Earlier this year, a gunman critically injured a doctor at Johns Hopkins Hospital, then killed himself and his mother. In another incident, a man who was unhappy with a relative’s treatment killed a nurse and another employee in a Georgia hospital, before being shot himself. In late 2010, an emergency nurse told CNN that she’d been scratched, bitten, spat on, and struck across the face so hard that her jaw broke.
Welcome to another day in the life of the healthcare workplace.
By its very nature, a hospital setting is a pressure-cooker environment – triggered by mental illness, drugs, alcohol abuse and mounting frustration from patients, some of whom may wait for hours to be treated by an overburdened system.
As a result, healthcare institutions are confronting a steadily increasing number of physical assaults that pose a unique danger to healthcare workers. As one might guess, most incidents take place in the emergency room setting. CNN reported a survey last year that revealed over half of all ER nurses had been physically and verbally assaulted on the job.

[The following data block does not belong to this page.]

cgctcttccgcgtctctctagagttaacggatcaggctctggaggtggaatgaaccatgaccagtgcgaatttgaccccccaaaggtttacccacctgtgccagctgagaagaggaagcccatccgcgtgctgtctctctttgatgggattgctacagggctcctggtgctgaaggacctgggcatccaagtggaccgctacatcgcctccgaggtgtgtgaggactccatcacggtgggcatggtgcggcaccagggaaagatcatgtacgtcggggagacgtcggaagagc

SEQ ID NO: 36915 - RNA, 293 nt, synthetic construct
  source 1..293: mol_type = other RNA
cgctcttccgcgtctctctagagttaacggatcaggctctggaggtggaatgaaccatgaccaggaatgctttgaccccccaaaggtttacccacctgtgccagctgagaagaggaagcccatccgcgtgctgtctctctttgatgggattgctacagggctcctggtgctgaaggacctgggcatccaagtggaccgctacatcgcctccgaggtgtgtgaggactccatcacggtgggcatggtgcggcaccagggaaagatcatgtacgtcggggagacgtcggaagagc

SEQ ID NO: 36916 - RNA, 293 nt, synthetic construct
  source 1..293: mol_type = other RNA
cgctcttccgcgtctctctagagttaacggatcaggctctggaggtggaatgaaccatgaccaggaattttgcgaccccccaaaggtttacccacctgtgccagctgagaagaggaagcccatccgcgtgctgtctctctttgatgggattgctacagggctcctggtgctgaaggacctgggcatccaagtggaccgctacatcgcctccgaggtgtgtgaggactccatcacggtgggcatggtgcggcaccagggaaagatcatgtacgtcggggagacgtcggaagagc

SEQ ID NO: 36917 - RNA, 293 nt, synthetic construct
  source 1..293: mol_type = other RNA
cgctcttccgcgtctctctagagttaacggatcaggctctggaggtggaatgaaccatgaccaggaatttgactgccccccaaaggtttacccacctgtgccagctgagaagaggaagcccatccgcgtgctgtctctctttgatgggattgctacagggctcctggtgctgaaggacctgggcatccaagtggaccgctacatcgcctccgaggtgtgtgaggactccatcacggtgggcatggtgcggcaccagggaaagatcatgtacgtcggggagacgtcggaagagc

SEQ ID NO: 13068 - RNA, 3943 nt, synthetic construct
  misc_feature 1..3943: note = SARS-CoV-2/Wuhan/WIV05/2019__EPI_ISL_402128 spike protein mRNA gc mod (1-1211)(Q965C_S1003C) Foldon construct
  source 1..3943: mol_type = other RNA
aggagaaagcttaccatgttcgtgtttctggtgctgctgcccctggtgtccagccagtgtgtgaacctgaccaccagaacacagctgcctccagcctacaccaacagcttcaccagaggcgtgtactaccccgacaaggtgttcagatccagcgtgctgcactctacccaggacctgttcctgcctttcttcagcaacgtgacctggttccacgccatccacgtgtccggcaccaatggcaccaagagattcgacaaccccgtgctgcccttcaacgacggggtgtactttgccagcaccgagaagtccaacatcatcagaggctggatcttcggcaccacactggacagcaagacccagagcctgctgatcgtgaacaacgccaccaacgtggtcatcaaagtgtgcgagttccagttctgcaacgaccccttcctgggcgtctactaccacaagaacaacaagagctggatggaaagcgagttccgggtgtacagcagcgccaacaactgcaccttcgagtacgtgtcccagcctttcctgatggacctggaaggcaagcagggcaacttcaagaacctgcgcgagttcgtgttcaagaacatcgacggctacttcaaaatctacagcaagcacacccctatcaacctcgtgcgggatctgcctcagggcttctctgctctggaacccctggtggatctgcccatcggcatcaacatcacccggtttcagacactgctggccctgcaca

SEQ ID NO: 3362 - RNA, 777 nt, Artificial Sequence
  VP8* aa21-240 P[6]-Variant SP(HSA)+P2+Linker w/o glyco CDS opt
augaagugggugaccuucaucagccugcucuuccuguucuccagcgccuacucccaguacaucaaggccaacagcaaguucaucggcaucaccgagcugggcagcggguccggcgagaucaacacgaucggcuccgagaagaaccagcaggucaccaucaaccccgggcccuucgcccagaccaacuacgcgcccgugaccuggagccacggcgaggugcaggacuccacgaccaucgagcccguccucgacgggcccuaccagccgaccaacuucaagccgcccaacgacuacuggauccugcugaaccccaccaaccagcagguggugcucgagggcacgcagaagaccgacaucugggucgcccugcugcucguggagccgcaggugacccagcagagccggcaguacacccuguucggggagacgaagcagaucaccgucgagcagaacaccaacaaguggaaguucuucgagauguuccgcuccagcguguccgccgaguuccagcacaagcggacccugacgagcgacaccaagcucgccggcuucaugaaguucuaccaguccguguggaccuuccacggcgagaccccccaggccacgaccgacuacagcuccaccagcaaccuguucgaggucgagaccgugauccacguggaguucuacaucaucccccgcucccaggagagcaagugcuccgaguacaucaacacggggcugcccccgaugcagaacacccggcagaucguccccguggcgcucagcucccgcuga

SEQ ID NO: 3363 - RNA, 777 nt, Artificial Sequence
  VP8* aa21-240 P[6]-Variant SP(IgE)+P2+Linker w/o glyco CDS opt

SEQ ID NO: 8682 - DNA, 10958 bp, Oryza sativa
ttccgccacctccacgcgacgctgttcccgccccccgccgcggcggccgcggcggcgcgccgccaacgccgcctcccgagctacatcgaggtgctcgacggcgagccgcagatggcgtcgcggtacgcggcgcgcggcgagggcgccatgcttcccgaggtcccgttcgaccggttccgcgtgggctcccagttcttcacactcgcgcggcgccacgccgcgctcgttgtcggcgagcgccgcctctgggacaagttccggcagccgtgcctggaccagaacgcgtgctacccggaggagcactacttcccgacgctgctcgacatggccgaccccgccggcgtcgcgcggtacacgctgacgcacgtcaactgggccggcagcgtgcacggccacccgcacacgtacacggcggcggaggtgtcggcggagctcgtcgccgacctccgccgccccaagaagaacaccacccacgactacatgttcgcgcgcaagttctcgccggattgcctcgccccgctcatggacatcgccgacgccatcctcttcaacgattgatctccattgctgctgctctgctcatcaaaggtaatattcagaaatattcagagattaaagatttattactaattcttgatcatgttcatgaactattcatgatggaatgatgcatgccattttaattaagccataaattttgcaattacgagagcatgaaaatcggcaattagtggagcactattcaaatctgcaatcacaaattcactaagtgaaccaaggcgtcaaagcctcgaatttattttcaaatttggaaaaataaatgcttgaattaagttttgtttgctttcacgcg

While the violence is not likely to improve soon, hospitals can adopt strategies to reduce violence and help prevent their employees from becoming victims. NIOSH (the National Institute of Occupational Safety and Health) recommends the following steps:
– Develop emergency signaling, alarms, and monitoring systems.
– Install security devices such as metal detectors to prevent armed people from entering the hospital.
– Design the triage area and other public areas to minimize the risk of assault: provide staff restrooms and emergency exits, install enclosed nurses’ stations and reception areas with bullet-resistant and shatter-proof glass enclosures.
– Arrange furniture and other objects to minimize their use as weapons.
– Design staffing patterns to prevent personnel from working alone.
– Restrict the movement of the public in hospitals by card-controlled access.
Other good suggestions: establish a system for alerting security personnel when violence is threatened, and train employees to recognize and manage violent situations and resolve conflicts.
Equally important is knowing what to do if an employee becomes the victim of violence:
– Have the manager check in with the employee to ask how they can be supportive and make them feel safe.
– Allow employees to go home or continue their shift, whichever they choose. If they decide to go home, urge them to contact a friend or family member for support so they’re not alone.
– Be prepared for a wide range of reactions — people respond differently to trauma.
– Assess how the employee is responding to the incident and determine the need for on-site counseling. Give an employee the option of counseling, but don’t require it.
– Check in with the employee over the following days and weeks to ensure they are coping.